• You don’t need to know when something will happen to know that it will.
  • Successful trading is a probabilistic business, so plan accordingly.
  • There is an edge to be gained in every aspect of your trading system.
  • Everyone is fallible, even you, so your system must take this into account.
  • Trading means losing as well as winning, something you must learn to live with.

Now, you might say to yourself, “Where’s the secret sauce in that?” In one sense, you’re right. These are extremely simple principles. At the same time they are counterintuitive and take a focused effort to apply. Let me give you an example: I was attending the trading system conference where I first met market wizard Ed Seykota. His table was talking about how successful trading systems could, and should, be simple enough that they could fit on a bumper sticker. Of course, skepticism emanated from other tables. “What about the complexities of the markets?” Their response was that they weren’t interested in the markets’ complexities; simply in making money on changes in price. Ed and his traders saw through the smokescreen of untested assumptions and beliefs about what you need to know about a market and what it takes to make a successful trading system. This is the difference between knowing a principle and making it’s market application. Think about adding to a position — also known as “pyramiding.” Adding less with each addition to a position actually creates more gain than adding equal amounts each time. It’s simple and it’s counterintuitive. Another way that image on the dollar is a trading tool.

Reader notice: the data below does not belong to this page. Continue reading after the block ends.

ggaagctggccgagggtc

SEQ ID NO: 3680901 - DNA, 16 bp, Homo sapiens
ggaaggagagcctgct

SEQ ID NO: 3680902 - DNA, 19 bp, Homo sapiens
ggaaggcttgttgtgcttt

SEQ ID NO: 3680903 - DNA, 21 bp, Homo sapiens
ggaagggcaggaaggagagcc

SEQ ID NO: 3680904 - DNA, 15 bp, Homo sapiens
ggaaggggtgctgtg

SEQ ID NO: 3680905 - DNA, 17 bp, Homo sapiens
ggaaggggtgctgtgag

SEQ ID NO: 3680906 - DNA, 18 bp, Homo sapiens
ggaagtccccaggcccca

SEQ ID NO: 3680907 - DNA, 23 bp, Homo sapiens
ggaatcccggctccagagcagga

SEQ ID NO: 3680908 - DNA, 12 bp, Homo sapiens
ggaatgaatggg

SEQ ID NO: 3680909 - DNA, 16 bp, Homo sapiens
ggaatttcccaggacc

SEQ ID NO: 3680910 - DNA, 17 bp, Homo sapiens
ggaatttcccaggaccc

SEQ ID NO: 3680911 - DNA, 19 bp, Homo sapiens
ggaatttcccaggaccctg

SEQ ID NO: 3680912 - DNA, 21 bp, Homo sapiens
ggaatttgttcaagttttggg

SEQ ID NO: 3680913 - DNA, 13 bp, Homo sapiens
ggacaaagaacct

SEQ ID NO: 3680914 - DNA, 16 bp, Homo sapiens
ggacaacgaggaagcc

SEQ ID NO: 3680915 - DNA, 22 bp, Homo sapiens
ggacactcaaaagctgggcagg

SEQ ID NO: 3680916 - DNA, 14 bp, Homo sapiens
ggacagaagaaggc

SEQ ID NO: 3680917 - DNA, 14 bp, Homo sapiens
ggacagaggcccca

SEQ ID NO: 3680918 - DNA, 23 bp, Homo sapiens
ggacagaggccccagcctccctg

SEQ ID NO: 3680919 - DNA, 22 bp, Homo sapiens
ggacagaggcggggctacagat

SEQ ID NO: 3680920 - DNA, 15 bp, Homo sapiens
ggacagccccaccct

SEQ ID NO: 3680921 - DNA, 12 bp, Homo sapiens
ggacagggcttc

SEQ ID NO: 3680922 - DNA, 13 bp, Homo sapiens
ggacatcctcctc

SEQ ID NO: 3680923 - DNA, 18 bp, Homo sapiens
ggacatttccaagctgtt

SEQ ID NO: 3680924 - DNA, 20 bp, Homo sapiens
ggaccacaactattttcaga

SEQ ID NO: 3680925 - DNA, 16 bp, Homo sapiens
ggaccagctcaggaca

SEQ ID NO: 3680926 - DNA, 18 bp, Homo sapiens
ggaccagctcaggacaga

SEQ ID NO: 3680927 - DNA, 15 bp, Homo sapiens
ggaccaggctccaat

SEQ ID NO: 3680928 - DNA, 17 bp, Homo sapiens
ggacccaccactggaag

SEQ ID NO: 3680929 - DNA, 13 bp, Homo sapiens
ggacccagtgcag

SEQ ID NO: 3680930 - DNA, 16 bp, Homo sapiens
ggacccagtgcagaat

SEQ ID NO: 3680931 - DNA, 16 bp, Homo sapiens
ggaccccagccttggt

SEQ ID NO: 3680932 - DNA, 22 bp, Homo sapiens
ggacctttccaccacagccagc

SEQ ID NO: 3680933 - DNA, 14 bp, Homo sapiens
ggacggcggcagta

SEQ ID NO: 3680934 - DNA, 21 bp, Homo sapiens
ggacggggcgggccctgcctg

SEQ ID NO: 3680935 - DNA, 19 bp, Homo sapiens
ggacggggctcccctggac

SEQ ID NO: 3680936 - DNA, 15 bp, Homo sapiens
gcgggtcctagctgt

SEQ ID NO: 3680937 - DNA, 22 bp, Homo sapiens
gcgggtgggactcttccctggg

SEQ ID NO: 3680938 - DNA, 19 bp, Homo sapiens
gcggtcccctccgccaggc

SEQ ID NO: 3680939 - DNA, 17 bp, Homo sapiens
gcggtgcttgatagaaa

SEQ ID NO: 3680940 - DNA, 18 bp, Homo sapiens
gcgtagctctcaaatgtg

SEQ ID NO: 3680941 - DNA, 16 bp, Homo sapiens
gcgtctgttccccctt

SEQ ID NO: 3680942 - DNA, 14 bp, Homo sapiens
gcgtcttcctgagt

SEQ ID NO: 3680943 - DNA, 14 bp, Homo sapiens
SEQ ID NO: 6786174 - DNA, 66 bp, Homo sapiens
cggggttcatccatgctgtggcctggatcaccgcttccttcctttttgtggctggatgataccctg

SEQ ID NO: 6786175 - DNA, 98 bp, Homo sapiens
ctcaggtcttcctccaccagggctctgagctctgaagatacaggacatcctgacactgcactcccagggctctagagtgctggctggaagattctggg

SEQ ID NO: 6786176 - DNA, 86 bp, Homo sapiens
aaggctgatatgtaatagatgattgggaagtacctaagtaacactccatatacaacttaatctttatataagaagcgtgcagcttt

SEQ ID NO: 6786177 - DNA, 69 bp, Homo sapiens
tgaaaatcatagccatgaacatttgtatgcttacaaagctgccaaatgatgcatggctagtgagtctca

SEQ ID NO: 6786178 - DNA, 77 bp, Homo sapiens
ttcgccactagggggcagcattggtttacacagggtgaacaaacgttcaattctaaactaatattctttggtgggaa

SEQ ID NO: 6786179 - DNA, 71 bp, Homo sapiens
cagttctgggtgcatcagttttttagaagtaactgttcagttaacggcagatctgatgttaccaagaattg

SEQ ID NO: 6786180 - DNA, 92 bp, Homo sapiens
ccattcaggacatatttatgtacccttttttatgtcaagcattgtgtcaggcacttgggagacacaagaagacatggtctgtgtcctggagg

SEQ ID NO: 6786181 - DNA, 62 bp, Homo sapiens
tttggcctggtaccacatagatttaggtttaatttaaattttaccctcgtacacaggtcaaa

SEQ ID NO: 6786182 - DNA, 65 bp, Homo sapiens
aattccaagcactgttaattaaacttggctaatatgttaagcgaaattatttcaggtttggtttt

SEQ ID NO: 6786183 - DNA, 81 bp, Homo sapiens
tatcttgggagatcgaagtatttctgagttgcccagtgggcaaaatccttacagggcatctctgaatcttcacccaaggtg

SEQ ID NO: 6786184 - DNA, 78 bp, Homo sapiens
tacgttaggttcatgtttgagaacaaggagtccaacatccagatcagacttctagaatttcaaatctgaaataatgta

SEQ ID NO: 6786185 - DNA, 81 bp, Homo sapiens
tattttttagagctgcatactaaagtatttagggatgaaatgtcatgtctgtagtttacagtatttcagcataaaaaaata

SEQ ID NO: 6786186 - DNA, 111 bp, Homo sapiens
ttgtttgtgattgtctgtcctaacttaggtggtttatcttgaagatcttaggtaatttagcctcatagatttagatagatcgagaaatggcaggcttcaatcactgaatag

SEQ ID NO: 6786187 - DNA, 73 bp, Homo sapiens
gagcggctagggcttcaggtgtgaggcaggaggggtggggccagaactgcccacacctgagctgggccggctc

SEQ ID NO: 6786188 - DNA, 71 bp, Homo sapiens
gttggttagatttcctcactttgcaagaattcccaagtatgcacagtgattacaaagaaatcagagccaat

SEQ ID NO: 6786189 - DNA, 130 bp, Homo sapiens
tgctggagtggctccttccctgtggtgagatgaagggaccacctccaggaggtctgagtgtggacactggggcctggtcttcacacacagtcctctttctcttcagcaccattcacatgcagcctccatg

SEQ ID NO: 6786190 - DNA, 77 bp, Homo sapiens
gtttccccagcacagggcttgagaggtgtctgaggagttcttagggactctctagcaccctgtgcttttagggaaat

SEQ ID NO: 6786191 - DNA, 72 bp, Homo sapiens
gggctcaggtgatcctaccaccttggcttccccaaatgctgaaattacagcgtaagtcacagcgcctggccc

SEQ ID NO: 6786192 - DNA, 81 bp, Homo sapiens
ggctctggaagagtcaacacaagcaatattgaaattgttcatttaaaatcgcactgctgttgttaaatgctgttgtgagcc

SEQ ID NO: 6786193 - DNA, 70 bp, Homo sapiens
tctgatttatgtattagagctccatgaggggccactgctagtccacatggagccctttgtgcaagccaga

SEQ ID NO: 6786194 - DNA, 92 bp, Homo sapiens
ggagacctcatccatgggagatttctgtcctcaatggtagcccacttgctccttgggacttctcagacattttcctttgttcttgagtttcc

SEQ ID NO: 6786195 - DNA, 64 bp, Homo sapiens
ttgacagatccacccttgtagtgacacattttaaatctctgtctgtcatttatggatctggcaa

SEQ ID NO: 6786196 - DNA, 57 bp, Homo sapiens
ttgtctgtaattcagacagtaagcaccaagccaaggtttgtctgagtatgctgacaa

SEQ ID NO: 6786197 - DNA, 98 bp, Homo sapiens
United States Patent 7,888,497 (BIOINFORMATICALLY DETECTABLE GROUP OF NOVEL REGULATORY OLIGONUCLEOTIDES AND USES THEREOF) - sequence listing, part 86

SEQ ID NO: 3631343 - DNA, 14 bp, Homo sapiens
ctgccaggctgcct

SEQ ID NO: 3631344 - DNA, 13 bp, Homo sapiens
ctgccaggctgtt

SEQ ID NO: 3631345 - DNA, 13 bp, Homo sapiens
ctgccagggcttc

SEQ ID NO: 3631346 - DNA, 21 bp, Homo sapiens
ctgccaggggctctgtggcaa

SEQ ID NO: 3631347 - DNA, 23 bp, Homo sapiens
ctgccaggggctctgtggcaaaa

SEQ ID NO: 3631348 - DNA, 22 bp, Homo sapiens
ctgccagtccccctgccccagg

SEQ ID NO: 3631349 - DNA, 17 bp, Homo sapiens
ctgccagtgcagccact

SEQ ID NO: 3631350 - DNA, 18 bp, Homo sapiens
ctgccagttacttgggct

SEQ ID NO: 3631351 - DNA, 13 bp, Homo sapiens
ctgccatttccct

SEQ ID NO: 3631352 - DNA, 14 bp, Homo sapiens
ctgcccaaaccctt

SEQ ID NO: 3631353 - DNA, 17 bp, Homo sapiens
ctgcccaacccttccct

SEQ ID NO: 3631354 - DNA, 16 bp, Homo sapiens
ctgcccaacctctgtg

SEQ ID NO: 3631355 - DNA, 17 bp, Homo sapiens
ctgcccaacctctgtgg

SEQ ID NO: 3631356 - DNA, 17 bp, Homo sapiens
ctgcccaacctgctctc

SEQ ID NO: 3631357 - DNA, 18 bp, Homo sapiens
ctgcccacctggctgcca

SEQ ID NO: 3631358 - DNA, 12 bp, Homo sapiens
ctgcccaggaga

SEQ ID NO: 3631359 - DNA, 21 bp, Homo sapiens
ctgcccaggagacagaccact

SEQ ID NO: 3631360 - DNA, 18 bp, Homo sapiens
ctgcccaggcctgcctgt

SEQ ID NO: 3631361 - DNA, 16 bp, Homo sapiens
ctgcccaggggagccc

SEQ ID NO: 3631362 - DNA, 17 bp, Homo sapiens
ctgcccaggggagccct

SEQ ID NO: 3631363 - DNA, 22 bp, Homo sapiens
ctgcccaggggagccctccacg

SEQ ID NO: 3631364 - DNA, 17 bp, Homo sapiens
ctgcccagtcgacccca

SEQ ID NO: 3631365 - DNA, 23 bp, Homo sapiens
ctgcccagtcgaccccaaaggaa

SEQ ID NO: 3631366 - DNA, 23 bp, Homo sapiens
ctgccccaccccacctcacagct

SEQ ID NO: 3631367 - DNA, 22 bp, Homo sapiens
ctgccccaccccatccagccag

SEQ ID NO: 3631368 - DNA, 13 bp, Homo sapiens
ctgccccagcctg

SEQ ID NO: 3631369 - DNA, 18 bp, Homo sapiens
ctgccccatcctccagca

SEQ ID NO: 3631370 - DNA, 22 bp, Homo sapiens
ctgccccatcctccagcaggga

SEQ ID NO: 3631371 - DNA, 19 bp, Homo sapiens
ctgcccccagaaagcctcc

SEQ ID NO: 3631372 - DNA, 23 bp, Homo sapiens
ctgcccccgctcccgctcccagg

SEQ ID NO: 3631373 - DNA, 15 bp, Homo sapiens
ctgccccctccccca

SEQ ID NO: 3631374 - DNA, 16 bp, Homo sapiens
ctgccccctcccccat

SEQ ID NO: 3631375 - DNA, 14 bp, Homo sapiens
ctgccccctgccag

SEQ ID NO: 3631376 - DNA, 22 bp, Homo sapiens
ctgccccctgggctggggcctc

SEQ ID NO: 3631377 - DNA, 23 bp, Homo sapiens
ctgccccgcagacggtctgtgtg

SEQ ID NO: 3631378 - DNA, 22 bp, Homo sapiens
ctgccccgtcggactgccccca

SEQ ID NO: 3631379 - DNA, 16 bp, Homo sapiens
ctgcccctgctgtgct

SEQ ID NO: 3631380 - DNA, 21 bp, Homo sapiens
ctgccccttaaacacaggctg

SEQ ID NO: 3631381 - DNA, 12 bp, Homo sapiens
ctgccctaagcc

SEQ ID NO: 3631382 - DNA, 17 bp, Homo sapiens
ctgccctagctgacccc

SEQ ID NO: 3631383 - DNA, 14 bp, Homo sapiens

The book you have in front of you bridges this gap between trading principles and their market application like no other. It may look like a book, but it is really a set of trading tools — a complete and detailed application of these principles and others to the method of trading known as Trend Following.

Author and trader Michael Covel has arranged these master lessons so that you can approach them according to your personal preference, or as they call them these days, biases.

The Personalities — In the chapters on great trend followers, you can read the personal histories of leading traders. You’ll find there isn’t just one type of successful personality; they range from college students to real scientists.

The Performance — For the factually minded, in the chapters on performance data and big events in trend following, there is a succinct summary of historical data from several trend following funds, along with parallel events in the world.

The Psychology — For those who think human behavior and decision making make the difference, there are chapters on each of these, as well as on emotional intelligence — and how to get it — followed by the dangers of Holy Grails.

The Trading Systems — The risk, the reward, the key questions to ask, and the questions Michael is most often asked, along with commentary from the master trend followers themselves, encompass these chapters.

The remarkable thing is not that you are looking at this book, but that it exists at all. Conventional wisdom says buy low and sell high. Each of us got our education in bargain hunting somewhere along the line. But what do you do now that your favorite market — be it a stock, bond, or commodity — is at an all-time high…or low? For a completely different perspective, from people who actually make money at this business, take a look inside. Michael Covel has written a timely and entertaining account of trend following — how it works, how to do it, and who can do it.